Conceptualizing collaboration software: What do we actually "do" in there?
Jonathan Eyler-Werve, Global Integrity
While "collaboration" "tools" "portals" and "forums" spring up like weeds, it's often hard to define exactly they "do". In this session we'll break collaboration into three function areas that all teams must perform successfully to get work done (relationships, accountability, knowledge). The goal of this session is to provide a analysis framework to understand collaboration tools and better apply them to specific, solvable problems.
- there is an "epic graveyard of intention and ego" of online collaboration platforms
- often collaboration platforms are created without a real world need or an active community
- "no one likes building a $100,000 website that no one is going to use" like "the next facebook of X"
- How do you recruit people to work on specific tasks, and ensure that it gets done?
- If you want to create a collaborative community start off by giving them a goal and something to do
- Don't make a space until you figure out what you need to put in it
- Every collaboration portal:
1) has a goal
2) creates working releationships
3) build and provide the necessary knowledge
4) has accountability of its members
- tracking reputation is important to estabilsh relationships and ensure accountability
- Wikipedia's discussion pages are the place that relationships between editors are built
- It helps to have a compelling founding story or business model
- It is good to release projects as "minimum viable product" to make sure there is viable interest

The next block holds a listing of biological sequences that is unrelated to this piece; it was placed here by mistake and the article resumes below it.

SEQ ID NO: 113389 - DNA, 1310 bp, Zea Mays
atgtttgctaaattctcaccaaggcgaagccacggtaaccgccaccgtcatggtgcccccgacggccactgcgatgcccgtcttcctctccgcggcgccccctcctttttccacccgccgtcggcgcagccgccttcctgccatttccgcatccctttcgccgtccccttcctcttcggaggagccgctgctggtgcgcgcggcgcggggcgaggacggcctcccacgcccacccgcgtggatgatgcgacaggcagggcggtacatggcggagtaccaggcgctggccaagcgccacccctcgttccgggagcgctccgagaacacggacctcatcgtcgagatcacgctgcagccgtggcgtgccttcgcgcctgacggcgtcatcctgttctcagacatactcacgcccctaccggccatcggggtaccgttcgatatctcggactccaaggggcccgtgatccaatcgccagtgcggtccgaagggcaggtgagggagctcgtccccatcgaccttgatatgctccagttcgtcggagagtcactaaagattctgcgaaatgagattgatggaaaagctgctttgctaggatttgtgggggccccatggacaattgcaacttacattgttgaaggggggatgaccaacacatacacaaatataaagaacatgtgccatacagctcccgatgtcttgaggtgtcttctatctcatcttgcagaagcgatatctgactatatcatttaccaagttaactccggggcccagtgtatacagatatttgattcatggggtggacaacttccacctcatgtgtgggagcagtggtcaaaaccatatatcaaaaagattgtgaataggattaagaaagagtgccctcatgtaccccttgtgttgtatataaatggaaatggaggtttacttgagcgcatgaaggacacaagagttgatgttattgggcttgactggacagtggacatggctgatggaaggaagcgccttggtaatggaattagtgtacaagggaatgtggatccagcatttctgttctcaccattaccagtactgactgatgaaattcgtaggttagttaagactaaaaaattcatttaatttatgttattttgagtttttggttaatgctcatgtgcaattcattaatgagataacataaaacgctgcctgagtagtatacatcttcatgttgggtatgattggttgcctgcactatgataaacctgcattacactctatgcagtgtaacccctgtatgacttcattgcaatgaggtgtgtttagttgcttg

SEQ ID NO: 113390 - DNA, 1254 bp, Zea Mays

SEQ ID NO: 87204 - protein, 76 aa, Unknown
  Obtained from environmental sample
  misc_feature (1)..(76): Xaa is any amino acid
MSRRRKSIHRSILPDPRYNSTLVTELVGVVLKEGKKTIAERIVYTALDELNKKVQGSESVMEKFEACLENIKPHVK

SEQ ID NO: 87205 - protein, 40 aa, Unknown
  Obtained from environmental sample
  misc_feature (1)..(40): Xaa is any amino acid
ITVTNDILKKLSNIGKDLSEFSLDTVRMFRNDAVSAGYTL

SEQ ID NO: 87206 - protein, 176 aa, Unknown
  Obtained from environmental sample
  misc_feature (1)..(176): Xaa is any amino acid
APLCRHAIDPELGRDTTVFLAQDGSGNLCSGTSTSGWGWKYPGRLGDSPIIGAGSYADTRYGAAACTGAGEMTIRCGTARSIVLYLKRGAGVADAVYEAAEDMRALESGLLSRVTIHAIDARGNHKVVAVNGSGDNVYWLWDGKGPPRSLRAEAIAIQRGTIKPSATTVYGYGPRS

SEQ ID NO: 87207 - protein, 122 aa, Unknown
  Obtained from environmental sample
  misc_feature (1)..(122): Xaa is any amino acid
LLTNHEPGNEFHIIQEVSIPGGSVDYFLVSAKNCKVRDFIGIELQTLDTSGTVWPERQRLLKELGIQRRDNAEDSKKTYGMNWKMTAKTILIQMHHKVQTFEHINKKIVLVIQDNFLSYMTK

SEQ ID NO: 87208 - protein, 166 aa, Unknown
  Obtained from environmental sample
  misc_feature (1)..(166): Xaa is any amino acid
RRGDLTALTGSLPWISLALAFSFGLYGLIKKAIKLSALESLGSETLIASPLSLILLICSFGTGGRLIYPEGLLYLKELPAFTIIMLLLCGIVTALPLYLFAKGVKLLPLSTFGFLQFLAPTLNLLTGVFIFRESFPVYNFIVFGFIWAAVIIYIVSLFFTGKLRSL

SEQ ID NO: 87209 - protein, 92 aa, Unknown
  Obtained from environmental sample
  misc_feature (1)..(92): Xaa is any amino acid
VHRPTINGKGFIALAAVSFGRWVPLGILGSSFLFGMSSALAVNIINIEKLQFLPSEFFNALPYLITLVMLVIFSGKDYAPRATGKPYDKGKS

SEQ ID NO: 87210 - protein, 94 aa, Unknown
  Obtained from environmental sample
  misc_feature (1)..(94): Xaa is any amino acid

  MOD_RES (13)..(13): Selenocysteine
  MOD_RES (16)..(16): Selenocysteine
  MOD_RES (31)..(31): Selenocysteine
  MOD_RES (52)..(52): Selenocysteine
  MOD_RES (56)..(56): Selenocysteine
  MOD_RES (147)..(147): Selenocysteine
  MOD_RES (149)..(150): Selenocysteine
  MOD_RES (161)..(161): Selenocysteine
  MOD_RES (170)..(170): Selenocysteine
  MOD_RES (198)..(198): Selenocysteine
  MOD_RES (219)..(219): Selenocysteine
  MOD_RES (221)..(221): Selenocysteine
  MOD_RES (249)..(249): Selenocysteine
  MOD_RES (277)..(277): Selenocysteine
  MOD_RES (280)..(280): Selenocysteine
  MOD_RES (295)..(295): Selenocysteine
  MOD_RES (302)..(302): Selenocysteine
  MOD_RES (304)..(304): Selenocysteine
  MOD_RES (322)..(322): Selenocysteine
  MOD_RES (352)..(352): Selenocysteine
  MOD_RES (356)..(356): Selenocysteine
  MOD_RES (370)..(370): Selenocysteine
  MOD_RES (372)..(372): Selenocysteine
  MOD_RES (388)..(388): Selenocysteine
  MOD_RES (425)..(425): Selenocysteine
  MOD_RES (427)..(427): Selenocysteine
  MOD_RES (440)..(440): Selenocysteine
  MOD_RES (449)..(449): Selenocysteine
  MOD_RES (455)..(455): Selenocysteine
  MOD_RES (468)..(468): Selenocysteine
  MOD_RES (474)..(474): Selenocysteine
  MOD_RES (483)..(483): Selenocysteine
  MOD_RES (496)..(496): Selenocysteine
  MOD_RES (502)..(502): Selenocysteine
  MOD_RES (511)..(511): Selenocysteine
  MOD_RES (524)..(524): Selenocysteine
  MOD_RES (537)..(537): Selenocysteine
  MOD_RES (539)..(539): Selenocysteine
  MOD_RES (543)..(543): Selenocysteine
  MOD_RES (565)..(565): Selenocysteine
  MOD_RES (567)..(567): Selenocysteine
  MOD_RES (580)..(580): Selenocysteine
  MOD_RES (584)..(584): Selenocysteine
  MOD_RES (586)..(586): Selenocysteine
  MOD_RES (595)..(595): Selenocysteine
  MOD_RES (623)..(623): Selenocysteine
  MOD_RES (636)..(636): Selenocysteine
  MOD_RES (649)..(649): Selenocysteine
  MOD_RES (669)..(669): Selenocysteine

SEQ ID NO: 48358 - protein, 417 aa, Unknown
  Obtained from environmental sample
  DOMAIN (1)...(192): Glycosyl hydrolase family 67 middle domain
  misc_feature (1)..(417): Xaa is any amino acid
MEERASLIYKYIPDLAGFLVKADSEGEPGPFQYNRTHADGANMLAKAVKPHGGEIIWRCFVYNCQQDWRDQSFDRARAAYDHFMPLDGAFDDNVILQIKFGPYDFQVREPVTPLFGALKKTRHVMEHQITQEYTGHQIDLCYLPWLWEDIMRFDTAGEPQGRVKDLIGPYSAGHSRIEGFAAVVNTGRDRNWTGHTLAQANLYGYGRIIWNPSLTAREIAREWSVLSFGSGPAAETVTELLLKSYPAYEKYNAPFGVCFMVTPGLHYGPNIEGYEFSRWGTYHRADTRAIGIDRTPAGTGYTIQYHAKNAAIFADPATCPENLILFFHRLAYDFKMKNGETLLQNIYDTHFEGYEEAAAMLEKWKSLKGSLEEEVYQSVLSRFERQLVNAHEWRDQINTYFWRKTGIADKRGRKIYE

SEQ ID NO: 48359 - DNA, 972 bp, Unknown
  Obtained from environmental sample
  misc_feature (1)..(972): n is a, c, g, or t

- It is hard to get people to be honest with what work they or their organization is willing to do
- Many organizations are hypochondriacs that think they need tools that they don't
- People vocally complaining is a good indication of what to build
- Iterative cycles are great for improving sites
- The nonprofit funding model worlks against growing a community (grand vision and a big lump sum)
- No funders want to hear "I have a sensible plan to roll out features over the next 12 months"
- You don't need to complete your whole vision at once. Build upon sucesses.
- Collaborative sites are a lot more like farming than construction
- Yelp did a lot of outreach and providing rewards to their contributors to get things started
- "Is this review helpful?" is a good way to highlight and reward the best contributors
- When starting a sice, you need to know a group of people that are actually going to start using a tool
- If we abstract the tools, we can stop building tools, and start building communities (things like Drupal distributions are starting to address it)
- A goal should be more specific than "end poverty"
- We keep coming back to the metric of "how much buy-in do you have from the community"
- It is important to get a worlflow that people can build into their daily lives
- Start with the things that you want to collaborate on. There is a real danger to not being a user.
- If you are starting a comany, and have not managed to convince ten actual people to buy your product, just stop
- There are many projects that have forums for people at events to continue talking after the event is over, most don't work
- [Talk about new facebook groups]
- Aspiration is starting a mailing list, and people are actually thinking they will participate
- People still use email lists. Good for relationships, but not best for archiving knowlege, and ensure accountability
- Low-tech solutions are often the best solution to start off with
- Help users contact each other directly in order to reduce message volume
- Having someone curate your space, highlight/promoting the imprtant stuff, and removing inappropriate things
- [debate about whether you should delete messages that may not be pertinent over the long term]
- Important to have two tracks of discussions vs the public project
- Debreifing is something that needs to happen at the end of a project but very rarely done
- Can you build mandatory briefing into a tool in order to close a tool